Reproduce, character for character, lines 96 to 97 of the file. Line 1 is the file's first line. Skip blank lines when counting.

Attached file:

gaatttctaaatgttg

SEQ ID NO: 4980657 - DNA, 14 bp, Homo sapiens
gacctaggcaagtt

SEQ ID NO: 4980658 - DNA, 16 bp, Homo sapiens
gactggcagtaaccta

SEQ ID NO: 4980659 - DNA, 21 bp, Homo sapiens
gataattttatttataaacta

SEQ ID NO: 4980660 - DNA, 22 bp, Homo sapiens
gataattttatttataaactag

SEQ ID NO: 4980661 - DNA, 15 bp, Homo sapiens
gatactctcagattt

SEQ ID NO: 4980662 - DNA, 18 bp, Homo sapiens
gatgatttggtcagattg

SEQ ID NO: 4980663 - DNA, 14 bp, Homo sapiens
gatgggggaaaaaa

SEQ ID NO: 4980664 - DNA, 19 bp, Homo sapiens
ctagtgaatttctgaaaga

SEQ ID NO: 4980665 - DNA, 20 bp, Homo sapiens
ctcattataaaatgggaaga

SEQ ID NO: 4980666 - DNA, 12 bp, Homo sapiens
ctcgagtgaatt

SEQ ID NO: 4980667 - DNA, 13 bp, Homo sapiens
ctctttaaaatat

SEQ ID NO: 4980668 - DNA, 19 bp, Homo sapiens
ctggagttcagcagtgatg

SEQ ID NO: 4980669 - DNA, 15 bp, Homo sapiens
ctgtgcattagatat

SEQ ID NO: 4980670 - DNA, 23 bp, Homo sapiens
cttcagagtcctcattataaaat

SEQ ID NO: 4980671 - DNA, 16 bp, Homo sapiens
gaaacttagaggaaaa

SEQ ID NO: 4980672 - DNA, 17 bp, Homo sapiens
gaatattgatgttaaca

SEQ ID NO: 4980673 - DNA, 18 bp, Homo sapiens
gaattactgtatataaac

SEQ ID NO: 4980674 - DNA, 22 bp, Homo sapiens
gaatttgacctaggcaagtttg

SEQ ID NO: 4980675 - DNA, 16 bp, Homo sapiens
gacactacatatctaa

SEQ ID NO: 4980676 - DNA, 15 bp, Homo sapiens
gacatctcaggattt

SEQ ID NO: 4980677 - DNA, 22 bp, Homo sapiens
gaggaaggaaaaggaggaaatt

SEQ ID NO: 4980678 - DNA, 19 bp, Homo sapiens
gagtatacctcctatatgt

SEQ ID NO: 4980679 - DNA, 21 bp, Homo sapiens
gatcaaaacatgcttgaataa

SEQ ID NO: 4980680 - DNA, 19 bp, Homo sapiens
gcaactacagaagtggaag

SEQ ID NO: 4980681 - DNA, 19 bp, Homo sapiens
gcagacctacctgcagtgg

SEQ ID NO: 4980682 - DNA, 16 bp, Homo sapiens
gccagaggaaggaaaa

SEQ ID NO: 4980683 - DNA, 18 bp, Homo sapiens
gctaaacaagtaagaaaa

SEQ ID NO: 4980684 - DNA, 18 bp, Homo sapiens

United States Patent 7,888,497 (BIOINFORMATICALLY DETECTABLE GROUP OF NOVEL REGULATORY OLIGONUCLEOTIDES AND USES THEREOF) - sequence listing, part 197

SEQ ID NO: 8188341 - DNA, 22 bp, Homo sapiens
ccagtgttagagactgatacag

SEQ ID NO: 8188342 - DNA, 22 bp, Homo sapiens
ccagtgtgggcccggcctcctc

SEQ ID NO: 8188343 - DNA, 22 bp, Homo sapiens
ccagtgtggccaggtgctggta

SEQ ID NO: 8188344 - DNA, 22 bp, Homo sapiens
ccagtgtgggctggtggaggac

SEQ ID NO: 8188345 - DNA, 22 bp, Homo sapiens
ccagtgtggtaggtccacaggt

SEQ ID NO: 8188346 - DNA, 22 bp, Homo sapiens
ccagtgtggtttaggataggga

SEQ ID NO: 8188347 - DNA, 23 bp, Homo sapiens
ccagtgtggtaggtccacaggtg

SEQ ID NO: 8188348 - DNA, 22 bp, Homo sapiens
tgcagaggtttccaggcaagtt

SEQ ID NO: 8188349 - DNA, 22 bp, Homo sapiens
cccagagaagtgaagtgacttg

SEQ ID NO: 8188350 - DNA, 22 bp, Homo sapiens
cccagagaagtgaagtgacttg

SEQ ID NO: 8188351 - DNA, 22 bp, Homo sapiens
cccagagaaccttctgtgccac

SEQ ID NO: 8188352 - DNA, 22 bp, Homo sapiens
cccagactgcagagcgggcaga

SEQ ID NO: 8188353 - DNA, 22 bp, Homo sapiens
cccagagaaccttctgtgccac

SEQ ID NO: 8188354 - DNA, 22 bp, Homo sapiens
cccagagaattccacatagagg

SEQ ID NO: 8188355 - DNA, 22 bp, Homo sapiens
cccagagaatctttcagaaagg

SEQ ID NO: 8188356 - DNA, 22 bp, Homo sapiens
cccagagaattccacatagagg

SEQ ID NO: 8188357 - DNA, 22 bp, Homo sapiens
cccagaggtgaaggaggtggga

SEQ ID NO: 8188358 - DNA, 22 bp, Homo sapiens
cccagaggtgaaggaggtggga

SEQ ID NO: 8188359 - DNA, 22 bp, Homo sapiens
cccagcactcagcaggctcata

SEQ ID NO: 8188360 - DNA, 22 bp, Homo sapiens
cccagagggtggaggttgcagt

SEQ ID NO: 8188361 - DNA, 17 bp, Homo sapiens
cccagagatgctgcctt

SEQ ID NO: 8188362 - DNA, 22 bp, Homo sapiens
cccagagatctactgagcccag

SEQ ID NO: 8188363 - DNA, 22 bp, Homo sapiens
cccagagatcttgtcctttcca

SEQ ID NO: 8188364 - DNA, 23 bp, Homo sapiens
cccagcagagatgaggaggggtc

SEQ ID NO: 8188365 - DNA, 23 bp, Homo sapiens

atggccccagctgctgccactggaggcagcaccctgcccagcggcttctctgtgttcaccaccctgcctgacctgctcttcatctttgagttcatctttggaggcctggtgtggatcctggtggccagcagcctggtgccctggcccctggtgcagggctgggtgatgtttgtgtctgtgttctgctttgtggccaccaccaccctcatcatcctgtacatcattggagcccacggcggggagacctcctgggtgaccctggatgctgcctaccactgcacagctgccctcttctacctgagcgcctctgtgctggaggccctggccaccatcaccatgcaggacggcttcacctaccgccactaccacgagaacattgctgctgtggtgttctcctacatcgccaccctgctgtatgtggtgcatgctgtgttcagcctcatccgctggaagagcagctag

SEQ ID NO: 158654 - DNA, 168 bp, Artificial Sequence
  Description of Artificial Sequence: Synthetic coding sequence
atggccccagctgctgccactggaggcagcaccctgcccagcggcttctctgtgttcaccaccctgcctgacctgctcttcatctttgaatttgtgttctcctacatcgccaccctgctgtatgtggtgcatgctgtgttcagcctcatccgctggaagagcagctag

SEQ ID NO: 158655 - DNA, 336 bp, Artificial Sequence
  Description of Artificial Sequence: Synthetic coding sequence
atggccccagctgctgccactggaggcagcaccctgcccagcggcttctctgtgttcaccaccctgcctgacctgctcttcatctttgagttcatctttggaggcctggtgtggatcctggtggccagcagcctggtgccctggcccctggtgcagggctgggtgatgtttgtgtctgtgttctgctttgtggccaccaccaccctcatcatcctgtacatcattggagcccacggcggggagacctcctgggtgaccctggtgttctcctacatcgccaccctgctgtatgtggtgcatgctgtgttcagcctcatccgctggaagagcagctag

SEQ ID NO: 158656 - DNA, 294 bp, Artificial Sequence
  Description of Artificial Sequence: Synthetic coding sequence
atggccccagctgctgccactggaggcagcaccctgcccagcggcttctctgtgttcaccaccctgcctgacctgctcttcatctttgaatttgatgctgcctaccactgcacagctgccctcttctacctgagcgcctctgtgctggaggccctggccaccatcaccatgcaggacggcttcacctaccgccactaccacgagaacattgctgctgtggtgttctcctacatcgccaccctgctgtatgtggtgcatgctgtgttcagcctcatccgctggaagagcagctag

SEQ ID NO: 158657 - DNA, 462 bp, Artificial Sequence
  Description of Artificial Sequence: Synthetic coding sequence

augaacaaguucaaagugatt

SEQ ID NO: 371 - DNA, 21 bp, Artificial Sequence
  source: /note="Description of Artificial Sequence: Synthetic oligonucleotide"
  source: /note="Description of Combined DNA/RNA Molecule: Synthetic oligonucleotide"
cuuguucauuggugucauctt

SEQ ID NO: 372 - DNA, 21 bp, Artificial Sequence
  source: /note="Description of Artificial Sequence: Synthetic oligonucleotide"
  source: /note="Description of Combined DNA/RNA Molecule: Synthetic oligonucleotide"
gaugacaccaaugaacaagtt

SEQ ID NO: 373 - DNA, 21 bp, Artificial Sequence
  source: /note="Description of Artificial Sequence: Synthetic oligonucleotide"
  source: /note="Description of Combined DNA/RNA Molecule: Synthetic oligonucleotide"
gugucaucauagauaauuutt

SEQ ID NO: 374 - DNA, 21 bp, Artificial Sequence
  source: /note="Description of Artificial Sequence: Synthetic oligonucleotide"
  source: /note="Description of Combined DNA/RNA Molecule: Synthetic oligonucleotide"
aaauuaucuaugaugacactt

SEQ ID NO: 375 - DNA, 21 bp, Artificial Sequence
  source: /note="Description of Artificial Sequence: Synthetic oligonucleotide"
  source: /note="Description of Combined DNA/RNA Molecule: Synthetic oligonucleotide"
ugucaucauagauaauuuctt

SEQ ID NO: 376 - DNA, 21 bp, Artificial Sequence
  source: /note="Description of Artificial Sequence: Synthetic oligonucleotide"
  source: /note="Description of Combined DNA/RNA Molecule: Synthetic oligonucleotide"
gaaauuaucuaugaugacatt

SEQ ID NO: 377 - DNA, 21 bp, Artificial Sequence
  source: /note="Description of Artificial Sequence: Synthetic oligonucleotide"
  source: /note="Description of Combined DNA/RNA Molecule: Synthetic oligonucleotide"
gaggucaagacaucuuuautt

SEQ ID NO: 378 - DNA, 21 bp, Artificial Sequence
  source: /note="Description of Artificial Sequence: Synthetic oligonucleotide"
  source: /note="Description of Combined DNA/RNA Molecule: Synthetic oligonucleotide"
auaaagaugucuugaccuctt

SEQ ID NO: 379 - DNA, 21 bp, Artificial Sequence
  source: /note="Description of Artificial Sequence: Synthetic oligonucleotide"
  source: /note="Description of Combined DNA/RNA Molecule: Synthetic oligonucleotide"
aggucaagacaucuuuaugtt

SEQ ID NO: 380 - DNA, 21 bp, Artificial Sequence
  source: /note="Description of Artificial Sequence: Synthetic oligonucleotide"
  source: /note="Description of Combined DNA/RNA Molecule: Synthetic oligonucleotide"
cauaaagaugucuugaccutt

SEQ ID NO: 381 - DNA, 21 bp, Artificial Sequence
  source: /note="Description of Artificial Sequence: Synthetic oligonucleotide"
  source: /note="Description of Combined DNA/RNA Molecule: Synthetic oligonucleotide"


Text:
SEQ ID NO: 8188360 - DNA, 22 bp, Homo sapiens
cccagagggtggaggttgcagt